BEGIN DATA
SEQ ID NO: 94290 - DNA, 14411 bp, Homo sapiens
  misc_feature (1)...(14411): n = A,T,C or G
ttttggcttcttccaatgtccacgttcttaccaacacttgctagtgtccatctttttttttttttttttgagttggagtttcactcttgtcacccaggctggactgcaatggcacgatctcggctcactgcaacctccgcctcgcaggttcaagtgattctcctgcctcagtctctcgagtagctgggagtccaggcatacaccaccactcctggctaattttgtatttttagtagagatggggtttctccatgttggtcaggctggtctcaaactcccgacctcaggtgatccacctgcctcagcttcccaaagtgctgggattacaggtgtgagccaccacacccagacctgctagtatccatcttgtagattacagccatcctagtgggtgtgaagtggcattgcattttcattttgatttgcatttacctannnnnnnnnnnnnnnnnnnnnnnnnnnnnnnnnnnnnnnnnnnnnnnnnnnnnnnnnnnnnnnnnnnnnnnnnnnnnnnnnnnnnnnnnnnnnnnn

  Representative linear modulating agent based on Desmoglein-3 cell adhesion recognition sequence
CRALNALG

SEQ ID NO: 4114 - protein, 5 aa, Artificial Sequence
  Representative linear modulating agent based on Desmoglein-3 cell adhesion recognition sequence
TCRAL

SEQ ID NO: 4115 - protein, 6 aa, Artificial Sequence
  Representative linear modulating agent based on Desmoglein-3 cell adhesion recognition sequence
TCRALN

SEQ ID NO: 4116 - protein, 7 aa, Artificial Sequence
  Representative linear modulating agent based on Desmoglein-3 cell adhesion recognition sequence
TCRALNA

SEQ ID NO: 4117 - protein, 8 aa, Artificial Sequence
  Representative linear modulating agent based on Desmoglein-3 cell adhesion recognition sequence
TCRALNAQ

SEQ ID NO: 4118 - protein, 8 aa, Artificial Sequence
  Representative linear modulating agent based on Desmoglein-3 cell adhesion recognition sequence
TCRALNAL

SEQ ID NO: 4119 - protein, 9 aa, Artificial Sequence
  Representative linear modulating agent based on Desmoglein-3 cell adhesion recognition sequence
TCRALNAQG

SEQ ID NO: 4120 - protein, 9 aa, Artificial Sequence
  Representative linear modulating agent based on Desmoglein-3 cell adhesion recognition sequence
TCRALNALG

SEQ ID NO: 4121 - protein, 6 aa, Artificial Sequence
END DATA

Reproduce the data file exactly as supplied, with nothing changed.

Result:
SEQ ID NO: 94290 - DNA, 14411 bp, Homo sapiens
  misc_feature (1)...(14411): n = A,T,C or G
ttttggcttcttccaatgtccacgttcttaccaacacttgctagtgtccatctttttttttttttttttgagttggagtttcactcttgtcacccaggctggactgcaatggcacgatctcggctcactgcaacctccgcctcgcaggttcaagtgattctcctgcctcagtctctcgagtagctgggagtccaggcatacaccaccactcctggctaattttgtatttttagtagagatggggtttctccatgttggtcaggctggtctcaaactcccgacctcaggtgatccacctgcctcagcttcccaaagtgctgggattacaggtgtgagccaccacacccagacctgctagtatccatcttgtagattacagccatcctagtgggtgtgaagtggcattgcattttcattttgatttgcatttacctannnnnnnnnnnnnnnnnnnnnnnnnnnnnnnnnnnnnnnnnnnnnnnnnnnnnnnnnnnnnnnnnnnnnnnnnnnnnnnnnnnnnnnnnnnnnnnn

  Representative linear modulating agent based on Desmoglein-3 cell adhesion recognition sequence
CRALNALG

SEQ ID NO: 4114 - protein, 5 aa, Artificial Sequence
  Representative linear modulating agent based on Desmoglein-3 cell adhesion recognition sequence
TCRAL

SEQ ID NO: 4115 - protein, 6 aa, Artificial Sequence
  Representative linear modulating agent based on Desmoglein-3 cell adhesion recognition sequence
TCRALN

SEQ ID NO: 4116 - protein, 7 aa, Artificial Sequence
  Representative linear modulating agent based on Desmoglein-3 cell adhesion recognition sequence
TCRALNA

SEQ ID NO: 4117 - protein, 8 aa, Artificial Sequence
  Representative linear modulating agent based on Desmoglein-3 cell adhesion recognition sequence
TCRALNAQ

SEQ ID NO: 4118 - protein, 8 aa, Artificial Sequence
  Representative linear modulating agent based on Desmoglein-3 cell adhesion recognition sequence
TCRALNAL

SEQ ID NO: 4119 - protein, 9 aa, Artificial Sequence
  Representative linear modulating agent based on Desmoglein-3 cell adhesion recognition sequence
TCRALNAQG

SEQ ID NO: 4120 - protein, 9 aa, Artificial Sequence
  Representative linear modulating agent based on Desmoglein-3 cell adhesion recognition sequence
TCRALNALG

SEQ ID NO: 4121 - protein, 6 aa, Artificial Sequence